Press Release: FAO Newsdesks/Education/Business
University ethics under fire as campaign names 'Ivy League' of arms trade investors
New study finds nearly half of polled universities invest in arms trade
The most comprehensive national study ever undertaken into the financial connections between Britain's universities and arms companies has revealed that at least 67 of the UK's universities and colleges – 45% of the institutions for which information could be obtained – are significant investors in the arms trade.
The study, released today (Friday 21st) by the Campaign Against Arms Trade (CAAT), was carried out using new Freedom of Information legislation. Researchers sought information from all 183 UK universities and university colleges, and compiled details of their shareholdings in six of the UK's largest arms companies. Despite student-led campaigns for ethical investment at several universities, the scale of the scale of the issue, which campaigners say raises serious questions about the ethical values of Britain's universities, has not been previously known.
The study comes amidst wider fears that campus protest over universities' links to the arms trade is being stifled. This month Lancaster University prosecuted six students who protested peacefully at a “corporate venturing” conference intended to promote commercial links between the university's research and arms company BAE Systems and other controversial corporations. CAAT's study shows that Lancaster holds shares in four major arms companies, including BAE.
The full results, with analysis and details of all 183 universities, go live online this morning on the CAAT website.
- An 'Ivy League' of ten university arms investors collectively hold nearly 33 million shares in the six arms companies: 1. Universities Superannuation Scheme (USS); 2. Cambridge University; 3. Oxford University; 4. Swansea University; 5. Liverpool University; 6. University of London; 7. Exeter University; 8. Manchester University; 9. Leeds University; 10. Birmingham University [UPDATE 25/10/05 - Birmingham University's shares have been moved to a fund which no longer discloses the current numbers of their arms company shares. Their place in CAAT's 'Ivy League' is taken by York University]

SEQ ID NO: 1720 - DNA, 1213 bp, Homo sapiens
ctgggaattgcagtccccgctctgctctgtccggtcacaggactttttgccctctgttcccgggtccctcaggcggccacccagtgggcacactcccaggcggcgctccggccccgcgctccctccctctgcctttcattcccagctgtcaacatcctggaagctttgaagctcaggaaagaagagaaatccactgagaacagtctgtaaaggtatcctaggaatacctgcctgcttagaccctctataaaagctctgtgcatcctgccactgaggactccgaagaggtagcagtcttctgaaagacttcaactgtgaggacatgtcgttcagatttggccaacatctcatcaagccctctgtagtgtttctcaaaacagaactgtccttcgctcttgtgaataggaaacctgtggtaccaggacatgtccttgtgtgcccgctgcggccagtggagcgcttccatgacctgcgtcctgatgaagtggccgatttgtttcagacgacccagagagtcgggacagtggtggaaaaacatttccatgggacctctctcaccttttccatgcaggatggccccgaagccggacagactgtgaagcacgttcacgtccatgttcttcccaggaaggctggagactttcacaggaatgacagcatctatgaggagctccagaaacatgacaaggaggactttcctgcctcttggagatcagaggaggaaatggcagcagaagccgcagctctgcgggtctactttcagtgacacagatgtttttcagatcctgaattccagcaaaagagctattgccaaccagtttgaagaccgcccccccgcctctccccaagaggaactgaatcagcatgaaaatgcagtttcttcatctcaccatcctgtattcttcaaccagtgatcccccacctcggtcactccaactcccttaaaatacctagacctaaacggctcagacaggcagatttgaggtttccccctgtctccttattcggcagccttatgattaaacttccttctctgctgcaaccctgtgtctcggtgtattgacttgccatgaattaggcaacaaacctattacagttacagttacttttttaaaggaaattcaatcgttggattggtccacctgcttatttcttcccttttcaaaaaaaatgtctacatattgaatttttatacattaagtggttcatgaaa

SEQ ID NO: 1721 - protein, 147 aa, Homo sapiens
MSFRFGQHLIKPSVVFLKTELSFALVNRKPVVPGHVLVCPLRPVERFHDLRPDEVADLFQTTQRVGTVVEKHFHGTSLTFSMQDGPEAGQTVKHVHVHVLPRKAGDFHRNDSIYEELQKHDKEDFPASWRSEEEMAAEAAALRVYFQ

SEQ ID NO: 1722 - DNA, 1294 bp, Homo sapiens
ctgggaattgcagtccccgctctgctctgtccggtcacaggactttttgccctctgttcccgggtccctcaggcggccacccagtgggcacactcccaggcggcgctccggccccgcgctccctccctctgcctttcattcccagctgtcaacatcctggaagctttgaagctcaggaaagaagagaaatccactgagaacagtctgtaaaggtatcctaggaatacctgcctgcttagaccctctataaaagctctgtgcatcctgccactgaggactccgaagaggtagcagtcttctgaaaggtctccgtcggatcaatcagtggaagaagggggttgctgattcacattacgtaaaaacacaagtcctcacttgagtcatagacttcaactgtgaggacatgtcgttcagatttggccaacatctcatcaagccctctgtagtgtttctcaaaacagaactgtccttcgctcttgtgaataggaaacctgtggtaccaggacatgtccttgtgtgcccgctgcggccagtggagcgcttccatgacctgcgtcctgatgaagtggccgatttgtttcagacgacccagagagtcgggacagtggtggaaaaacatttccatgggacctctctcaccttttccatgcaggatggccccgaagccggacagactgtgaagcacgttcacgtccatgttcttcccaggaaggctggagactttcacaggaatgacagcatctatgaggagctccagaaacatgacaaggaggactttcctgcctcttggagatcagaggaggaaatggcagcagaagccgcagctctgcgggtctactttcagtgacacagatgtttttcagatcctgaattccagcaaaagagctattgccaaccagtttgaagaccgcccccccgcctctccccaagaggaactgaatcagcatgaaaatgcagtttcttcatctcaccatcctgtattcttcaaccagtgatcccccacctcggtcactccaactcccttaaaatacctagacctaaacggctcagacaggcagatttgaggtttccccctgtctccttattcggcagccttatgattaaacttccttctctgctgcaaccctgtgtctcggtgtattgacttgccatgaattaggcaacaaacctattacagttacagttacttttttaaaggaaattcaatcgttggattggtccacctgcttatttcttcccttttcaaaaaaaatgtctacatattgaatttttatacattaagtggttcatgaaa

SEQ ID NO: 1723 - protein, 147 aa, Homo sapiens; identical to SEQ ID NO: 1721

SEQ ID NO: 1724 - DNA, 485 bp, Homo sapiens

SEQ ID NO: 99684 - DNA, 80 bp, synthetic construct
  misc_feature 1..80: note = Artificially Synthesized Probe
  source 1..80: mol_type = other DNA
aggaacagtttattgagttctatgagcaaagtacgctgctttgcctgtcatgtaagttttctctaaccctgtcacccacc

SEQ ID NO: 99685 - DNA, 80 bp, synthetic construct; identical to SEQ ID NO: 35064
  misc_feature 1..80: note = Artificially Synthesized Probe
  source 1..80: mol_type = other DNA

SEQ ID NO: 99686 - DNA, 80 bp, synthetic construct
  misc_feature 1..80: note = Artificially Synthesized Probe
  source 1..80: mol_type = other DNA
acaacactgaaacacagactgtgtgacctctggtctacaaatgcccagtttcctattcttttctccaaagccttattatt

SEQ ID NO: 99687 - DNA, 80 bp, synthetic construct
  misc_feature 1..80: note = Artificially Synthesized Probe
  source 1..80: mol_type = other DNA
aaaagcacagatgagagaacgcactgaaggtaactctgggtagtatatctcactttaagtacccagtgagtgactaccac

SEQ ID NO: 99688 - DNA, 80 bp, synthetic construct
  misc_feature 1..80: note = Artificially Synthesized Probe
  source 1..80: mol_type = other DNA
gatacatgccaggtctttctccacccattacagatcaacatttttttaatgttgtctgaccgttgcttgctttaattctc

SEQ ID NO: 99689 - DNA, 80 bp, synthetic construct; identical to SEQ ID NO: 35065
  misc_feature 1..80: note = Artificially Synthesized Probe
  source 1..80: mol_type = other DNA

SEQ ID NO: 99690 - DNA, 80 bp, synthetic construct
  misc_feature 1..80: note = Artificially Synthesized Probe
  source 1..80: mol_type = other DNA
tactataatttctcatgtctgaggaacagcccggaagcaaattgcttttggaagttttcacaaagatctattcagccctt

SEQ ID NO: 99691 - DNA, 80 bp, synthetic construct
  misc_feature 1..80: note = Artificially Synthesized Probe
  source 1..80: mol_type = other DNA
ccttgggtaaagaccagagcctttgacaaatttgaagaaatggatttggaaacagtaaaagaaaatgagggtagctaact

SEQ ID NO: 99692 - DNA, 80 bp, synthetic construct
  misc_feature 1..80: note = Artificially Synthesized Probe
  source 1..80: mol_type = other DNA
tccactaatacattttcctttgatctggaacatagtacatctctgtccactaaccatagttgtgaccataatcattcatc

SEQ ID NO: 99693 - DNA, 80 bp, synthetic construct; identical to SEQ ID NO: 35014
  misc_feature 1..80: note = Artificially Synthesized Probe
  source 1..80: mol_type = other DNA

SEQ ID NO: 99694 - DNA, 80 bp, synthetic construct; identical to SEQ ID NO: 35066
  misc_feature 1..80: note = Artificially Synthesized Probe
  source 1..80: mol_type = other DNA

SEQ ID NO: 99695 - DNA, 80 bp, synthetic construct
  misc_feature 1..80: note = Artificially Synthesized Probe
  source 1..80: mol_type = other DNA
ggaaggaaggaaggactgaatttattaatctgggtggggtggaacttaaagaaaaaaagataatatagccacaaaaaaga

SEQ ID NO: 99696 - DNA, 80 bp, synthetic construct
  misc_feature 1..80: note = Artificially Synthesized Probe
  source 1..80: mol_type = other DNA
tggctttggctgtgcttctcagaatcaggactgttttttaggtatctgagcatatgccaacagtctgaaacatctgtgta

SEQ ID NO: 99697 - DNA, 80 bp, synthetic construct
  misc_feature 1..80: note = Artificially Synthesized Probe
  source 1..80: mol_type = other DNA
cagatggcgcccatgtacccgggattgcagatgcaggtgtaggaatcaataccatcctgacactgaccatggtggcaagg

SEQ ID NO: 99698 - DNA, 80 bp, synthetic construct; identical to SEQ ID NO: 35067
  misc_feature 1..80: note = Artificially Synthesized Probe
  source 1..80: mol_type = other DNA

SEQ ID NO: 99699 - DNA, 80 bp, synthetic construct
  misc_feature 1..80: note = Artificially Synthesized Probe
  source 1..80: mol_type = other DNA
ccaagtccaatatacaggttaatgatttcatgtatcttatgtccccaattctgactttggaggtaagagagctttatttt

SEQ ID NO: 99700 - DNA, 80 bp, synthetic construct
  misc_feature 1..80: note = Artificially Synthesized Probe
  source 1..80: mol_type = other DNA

- Three-quarters of all UK universities with medical schools invest in the arms trade – a trade which an editorial in the leading medical journal The Lancet last month argued “threaten[s] human, and especially civilian, health and well-being.”
- The Oxbridge college which invests most in the arms companies, Trinity College Cambridge, individually holds more arms company shares than all but two of the non-Oxbridge universities in the study.
- 32 universities/colleges hold shares in BAE Systems, currently the object of Serious Fraud Office investigations into allegations that it paid £1m to Chilean dictator Augusto Pinochet, and operated a £60m 'slush fund' providing 'hospitality' for Saudi officials connected to a massive UK-Saudi arms deal. BAE has denied the slush fund claims. In September two former BAE staff were arrested in connection to the investigation.
CAAT campaigner Jo Wittams, who researched the figures, said:
“Our research shows that several of Britain's oldest and most prestigious universities also form an 'ivy league' of arms trade investors. Although historically committed to internationalism and human progress, their wealth provides major funding for a trade that fuels international tensions, and for companies that regularly arm human rights abusers and conflict zones.”
“While universities are ostensibly open and public institutions, staff and students are rarely kept informed about the investments made on their behalf, often using their money. We hope that these figures will help university members work with their institutions to divest from the arms trade.”
Contact CAAT Press Office, press(at)caat·org·uk, 020 7281 0297
- Information was obtained from 152 of the 183 universities and university colleges, of which 68 admitted to holding shares in at least one of 6 major UK arms companies: BAE Systems, GKN, Rolls Royce, Smiths Group, Cobham and VT Group.
31 universities and university colleges have medical schools, of which 23 invest in arms companies: Birmingham, Brighton/Sussex, Bristol, Hull/York, Leeds, Leicester, Liverpool, Manchester, Newcastle, Nottingham, Oxford, Plymouth, Sheffield, Southampton, Imperial College London, Kings College London, Queen Mary and Westfield College, University College London, St George's Hospital Medical School, Dundee, Edinburgh, St Andrew's, University of Wales and University of Wales Swansea. Four (University of East Anglia, Warwick, Aberdeen and Glasgow) did not hold investments in the 6 companies. 2 (Cambridge and Queens' Belfast) have not yet provided information.
See www.thelancet.com for The Lancet's 10 September editorial, calling on its owner, academic publishing giant Reed Elsevier, to stop organising international arms fairs.
- Trinity College Cambridge holds 804,009 shares in the 6 companies surveyed. Only Swansea and Liverpool hold more.
- CAAT's investigation uncovered at least 16,703,893 shares held by universities in BAE Systems (currently worth around £57.5m). This figure includes the 13,741,779 BAES shares held by the national Universities pension scheme (USS), but does not include the number of shares held by institutions who confirmed holding BAES shares but not their quantities. For BAES allegations, see David Leigh & Rob Evans, 'Arrests in BAE-Saudi investigation', The Guardian, 14 September 2005; 'Serious Fraud Office to look into BAE link with Pinochet', The Guardian, 16 September 2005.